Released in 1983, The Dead Zone was something of a departure for the Canadian filmmaker -- the first film he'd directed that he didn't also write. Based on a popular Stephen King novel, the feature gave Cronenberg an opportunity to focus solely on the behind the camera elements of the film. The results are very interesting.
The movie centers on John Smith (Christopher Walken!) a young English teacher who seemingly has the world by the tail until he's in a horrific car accident that leaves him in a coma for several years. When he awakens, he learns that he's lost everything -- his livelihood, the love of his life, years of irreplaceable time -- but gained something too. Johnny emerges from his coma with psychic powers and the rest of the film explores how these newfound extra-sensory abilities affect his life.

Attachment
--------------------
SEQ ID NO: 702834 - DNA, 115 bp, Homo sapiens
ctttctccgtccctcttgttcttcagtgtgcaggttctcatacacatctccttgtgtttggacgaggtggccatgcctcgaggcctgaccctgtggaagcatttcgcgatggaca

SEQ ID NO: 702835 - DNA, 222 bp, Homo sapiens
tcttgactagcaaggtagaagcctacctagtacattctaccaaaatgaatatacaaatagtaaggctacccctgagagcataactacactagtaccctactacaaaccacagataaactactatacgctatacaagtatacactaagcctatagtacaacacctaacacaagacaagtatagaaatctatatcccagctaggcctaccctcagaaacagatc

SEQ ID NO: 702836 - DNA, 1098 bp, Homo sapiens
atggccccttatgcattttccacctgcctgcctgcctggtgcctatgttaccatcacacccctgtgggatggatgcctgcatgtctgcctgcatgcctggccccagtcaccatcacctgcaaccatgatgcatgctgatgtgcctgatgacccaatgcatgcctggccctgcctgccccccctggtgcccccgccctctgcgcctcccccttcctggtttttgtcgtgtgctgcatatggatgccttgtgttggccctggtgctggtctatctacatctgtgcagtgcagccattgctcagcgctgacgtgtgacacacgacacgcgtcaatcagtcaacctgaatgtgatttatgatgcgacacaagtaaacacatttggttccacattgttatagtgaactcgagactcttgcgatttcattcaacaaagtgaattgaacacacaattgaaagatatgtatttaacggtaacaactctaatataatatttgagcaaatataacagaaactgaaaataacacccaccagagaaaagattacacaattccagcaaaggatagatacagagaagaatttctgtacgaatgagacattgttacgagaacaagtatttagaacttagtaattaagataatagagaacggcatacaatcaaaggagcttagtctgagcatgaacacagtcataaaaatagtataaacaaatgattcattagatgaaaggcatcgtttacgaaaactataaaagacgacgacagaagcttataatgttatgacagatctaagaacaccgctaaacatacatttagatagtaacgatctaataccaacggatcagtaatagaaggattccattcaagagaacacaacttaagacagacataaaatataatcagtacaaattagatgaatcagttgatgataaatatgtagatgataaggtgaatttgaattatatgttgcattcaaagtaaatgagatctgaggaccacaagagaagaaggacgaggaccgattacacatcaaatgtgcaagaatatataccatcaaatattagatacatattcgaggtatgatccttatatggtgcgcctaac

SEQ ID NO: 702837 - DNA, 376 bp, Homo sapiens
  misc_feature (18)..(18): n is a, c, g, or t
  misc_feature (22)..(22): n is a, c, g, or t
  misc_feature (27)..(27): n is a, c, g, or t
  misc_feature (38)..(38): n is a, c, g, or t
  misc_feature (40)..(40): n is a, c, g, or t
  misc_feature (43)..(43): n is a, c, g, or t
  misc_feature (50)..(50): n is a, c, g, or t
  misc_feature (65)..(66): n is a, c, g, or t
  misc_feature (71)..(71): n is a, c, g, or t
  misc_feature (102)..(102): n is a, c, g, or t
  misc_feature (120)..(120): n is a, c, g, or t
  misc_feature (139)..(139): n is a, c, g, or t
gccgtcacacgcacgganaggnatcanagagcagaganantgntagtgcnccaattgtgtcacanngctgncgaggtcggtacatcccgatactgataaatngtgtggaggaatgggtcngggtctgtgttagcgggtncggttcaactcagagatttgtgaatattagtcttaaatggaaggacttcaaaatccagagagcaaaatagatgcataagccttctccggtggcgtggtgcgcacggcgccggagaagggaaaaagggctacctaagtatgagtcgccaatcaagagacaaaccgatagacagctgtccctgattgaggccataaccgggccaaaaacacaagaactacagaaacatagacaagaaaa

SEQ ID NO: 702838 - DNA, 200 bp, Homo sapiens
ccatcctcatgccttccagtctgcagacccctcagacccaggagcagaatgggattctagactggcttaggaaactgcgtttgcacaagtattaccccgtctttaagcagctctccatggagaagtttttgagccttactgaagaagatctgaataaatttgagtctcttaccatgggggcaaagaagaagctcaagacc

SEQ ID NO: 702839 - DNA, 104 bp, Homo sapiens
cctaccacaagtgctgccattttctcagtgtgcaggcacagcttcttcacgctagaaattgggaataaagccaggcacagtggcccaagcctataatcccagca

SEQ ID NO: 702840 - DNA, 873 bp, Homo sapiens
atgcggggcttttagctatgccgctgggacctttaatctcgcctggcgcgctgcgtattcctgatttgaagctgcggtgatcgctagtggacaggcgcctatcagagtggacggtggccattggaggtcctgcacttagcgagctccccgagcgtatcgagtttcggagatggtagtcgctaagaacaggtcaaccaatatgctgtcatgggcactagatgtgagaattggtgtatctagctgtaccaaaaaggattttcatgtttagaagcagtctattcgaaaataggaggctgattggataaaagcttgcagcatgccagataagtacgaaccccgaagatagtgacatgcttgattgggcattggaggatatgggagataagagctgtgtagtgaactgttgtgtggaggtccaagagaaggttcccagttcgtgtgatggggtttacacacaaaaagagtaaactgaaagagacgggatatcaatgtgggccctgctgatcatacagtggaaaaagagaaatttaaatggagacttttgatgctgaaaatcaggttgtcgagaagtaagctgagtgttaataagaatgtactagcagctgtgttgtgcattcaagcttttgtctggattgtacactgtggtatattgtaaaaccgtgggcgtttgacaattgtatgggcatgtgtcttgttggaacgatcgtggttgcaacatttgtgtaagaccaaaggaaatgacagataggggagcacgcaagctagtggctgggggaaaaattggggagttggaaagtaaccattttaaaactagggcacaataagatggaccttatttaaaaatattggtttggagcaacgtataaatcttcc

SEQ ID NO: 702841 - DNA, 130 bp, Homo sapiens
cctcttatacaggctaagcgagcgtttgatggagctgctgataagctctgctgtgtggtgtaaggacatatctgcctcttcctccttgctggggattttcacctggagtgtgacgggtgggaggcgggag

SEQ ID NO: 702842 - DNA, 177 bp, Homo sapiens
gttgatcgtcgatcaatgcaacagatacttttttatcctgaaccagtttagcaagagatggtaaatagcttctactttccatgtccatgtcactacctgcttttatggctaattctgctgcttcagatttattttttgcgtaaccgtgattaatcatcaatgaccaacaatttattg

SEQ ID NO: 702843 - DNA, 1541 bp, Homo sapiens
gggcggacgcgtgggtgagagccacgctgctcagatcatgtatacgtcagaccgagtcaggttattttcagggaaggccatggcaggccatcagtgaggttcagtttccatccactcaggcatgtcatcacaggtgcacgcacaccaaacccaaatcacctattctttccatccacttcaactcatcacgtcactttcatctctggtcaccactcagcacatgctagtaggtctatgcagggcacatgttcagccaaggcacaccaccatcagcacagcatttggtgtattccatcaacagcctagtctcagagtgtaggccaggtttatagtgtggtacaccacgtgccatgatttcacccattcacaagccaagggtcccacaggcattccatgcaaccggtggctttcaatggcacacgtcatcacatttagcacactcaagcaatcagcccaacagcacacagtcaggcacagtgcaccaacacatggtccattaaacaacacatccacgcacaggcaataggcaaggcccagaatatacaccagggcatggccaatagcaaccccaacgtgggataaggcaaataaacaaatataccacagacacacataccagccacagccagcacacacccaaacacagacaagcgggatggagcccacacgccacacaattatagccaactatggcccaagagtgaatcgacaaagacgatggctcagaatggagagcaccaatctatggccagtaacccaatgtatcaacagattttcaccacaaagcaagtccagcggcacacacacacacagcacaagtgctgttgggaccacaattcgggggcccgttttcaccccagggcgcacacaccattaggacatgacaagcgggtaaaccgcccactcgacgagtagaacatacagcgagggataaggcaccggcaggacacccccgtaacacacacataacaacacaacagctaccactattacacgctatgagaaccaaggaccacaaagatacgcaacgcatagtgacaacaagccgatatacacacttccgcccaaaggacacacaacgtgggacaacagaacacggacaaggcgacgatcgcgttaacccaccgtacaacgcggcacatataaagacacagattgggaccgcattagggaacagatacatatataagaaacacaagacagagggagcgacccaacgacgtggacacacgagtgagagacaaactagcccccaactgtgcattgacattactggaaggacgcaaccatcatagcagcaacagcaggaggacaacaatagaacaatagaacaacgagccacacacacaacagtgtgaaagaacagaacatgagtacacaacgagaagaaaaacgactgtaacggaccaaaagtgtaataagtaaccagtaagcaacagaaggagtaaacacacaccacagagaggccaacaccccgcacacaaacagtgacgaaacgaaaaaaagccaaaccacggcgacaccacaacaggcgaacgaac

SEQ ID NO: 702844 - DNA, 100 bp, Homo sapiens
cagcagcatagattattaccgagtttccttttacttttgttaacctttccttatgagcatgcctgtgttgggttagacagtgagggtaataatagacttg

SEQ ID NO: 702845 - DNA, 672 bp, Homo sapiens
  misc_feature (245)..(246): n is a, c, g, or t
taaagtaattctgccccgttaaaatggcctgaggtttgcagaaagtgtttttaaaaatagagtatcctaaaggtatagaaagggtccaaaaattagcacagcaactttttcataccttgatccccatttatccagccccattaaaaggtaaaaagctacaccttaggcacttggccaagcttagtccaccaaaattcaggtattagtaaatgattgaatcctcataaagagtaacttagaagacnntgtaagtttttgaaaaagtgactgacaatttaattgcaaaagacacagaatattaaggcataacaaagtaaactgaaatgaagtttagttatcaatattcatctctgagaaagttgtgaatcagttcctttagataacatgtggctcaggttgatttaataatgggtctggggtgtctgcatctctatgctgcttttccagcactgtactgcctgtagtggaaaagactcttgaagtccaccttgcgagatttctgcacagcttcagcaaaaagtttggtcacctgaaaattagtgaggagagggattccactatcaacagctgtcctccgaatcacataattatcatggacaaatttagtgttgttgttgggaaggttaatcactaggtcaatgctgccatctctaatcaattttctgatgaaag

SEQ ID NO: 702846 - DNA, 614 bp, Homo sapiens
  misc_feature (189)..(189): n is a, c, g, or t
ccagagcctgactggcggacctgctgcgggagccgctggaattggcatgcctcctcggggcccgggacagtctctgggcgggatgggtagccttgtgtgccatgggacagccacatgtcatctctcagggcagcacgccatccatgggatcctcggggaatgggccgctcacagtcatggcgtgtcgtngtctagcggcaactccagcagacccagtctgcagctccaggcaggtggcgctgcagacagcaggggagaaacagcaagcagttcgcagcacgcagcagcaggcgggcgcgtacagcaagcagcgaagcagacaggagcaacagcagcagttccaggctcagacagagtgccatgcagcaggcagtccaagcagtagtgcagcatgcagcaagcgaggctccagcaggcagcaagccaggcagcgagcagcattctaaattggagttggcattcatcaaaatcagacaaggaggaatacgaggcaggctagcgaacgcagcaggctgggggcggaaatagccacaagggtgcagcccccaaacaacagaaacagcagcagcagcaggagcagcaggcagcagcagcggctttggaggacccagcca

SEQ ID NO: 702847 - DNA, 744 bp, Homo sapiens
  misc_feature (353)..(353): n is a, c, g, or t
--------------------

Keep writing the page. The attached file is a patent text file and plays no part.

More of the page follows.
The Dead Zone isn't your typical Cronenberg or Stephen King film. It does bear some of the director's familiar themes and philosophical concerns, but they're understated and presented in a different manner than normal. As far as King adaptations go, this is one of the best -- probably only bettered by Kubrick's interpretation of The Shining.
I don't want to say much more about it for fear of ruining it for you and influencing the discussion. Check out The Dead Zone on Hulu or Netflix Watch Instantly, and come on back on Monday evening when we'll open up the discussion post and share our thoughts about this excellent and underrated film.